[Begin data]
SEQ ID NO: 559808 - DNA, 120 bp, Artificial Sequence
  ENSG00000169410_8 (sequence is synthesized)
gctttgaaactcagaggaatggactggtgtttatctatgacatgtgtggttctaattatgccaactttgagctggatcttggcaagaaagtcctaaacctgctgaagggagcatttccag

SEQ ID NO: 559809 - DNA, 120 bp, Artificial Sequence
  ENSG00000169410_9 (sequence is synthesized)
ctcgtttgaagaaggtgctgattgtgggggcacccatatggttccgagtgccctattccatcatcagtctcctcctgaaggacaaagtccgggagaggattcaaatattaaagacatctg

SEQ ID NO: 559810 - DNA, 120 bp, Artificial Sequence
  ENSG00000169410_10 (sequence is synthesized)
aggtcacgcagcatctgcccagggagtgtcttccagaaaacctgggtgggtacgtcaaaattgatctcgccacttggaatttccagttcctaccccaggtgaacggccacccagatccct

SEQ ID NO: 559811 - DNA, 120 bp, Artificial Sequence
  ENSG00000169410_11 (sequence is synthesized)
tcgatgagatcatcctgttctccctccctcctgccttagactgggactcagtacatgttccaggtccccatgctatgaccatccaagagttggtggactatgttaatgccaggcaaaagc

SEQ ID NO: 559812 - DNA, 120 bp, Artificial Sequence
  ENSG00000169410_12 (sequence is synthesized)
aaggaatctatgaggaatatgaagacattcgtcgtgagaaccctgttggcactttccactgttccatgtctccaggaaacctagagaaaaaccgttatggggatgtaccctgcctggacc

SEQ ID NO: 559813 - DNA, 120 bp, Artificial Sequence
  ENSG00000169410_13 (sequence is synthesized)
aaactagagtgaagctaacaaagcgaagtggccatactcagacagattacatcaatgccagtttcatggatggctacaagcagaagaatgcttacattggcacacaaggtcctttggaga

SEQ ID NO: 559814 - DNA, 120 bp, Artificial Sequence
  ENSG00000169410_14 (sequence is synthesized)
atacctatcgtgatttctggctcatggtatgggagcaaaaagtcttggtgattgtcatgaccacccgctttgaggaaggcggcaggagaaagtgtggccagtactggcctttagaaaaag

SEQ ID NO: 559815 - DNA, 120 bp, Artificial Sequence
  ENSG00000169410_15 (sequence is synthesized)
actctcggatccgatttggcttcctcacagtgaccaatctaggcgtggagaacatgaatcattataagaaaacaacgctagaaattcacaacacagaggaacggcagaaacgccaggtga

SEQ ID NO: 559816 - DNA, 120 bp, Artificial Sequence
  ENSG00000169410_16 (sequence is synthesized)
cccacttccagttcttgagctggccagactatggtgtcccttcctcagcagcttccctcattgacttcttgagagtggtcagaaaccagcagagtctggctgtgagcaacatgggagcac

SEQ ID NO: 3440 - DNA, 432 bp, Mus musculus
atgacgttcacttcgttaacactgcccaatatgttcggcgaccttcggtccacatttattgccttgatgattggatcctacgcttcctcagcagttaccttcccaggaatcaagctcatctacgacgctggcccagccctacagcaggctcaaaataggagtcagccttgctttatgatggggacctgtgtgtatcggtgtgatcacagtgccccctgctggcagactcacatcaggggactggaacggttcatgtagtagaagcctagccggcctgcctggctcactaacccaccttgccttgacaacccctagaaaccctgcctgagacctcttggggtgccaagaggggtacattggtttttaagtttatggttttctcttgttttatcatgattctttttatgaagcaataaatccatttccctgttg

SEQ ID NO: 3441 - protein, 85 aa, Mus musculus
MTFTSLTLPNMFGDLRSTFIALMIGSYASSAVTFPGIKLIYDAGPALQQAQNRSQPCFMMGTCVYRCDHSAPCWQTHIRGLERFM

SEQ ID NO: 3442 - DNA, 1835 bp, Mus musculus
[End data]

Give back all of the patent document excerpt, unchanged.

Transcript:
SEQ ID NO: 559808 - DNA, 120 bp, Artificial Sequence
  ENSG00000169410_8 (sequence is synthesized)
gctttgaaactcagaggaatggactggtgtttatctatgacatgtgtggttctaattatgccaactttgagctggatcttggcaagaaagtcctaaacctgctgaagggagcatttccag

SEQ ID NO: 559809 - DNA, 120 bp, Artificial Sequence
  ENSG00000169410_9 (sequence is synthesized)
ctcgtttgaagaaggtgctgattgtgggggcacccatatggttccgagtgccctattccatcatcagtctcctcctgaaggacaaagtccgggagaggattcaaatattaaagacatctg

SEQ ID NO: 559810 - DNA, 120 bp, Artificial Sequence
  ENSG00000169410_10 (sequence is synthesized)
aggtcacgcagcatctgcccagggagtgtcttccagaaaacctgggtgggtacgtcaaaattgatctcgccacttggaatttccagttcctaccccaggtgaacggccacccagatccct

SEQ ID NO: 559811 - DNA, 120 bp, Artificial Sequence
  ENSG00000169410_11 (sequence is synthesized)
tcgatgagatcatcctgttctccctccctcctgccttagactgggactcagtacatgttccaggtccccatgctatgaccatccaagagttggtggactatgttaatgccaggcaaaagc

SEQ ID NO: 559812 - DNA, 120 bp, Artificial Sequence
  ENSG00000169410_12 (sequence is synthesized)
aaggaatctatgaggaatatgaagacattcgtcgtgagaaccctgttggcactttccactgttccatgtctccaggaaacctagagaaaaaccgttatggggatgtaccctgcctggacc

SEQ ID NO: 559813 - DNA, 120 bp, Artificial Sequence
  ENSG00000169410_13 (sequence is synthesized)
aaactagagtgaagctaacaaagcgaagtggccatactcagacagattacatcaatgccagtttcatggatggctacaagcagaagaatgcttacattggcacacaaggtcctttggaga

SEQ ID NO: 559814 - DNA, 120 bp, Artificial Sequence
  ENSG00000169410_14 (sequence is synthesized)
atacctatcgtgatttctggctcatggtatgggagcaaaaagtcttggtgattgtcatgaccacccgctttgaggaaggcggcaggagaaagtgtggccagtactggcctttagaaaaag

SEQ ID NO: 559815 - DNA, 120 bp, Artificial Sequence
  ENSG00000169410_15 (sequence is synthesized)
actctcggatccgatttggcttcctcacagtgaccaatctaggcgtggagaacatgaatcattataagaaaacaacgctagaaattcacaacacagaggaacggcagaaacgccaggtga

SEQ ID NO: 559816 - DNA, 120 bp, Artificial Sequence
  ENSG00000169410_16 (sequence is synthesized)
cccacttccagttcttgagctggccagactatggtgtcccttcctcagcagcttccctcattgacttcttgagagtggtcagaaaccagcagagtctggctgtgagcaacatgggagcac

SEQ ID NO: 3440 - DNA, 432 bp, Mus musculus
atgacgttcacttcgttaacactgcccaatatgttcggcgaccttcggtccacatttattgccttgatgattggatcctacgcttcctcagcagttaccttcccaggaatcaagctcatctacgacgctggcccagccctacagcaggctcaaaataggagtcagccttgctttatgatggggacctgtgtgtatcggtgtgatcacagtgccccctgctggcagactcacatcaggggactggaacggttcatgtagtagaagcctagccggcctgcctggctcactaacccaccttgccttgacaacccctagaaaccctgcctgagacctcttggggtgccaagaggggtacattggtttttaagtttatggttttctcttgttttatcatgattctttttatgaagcaataaatccatttccctgttg

SEQ ID NO: 3441 - protein, 85 aa, Mus musculus
MTFTSLTLPNMFGDLRSTFIALMIGSYASSAVTFPGIKLIYDAGPALQQAQNRSQPCFMMGTCVYRCDHSAPCWQTHIRGLERFM

SEQ ID NO: 3442 - DNA, 1835 bp, Mus musculus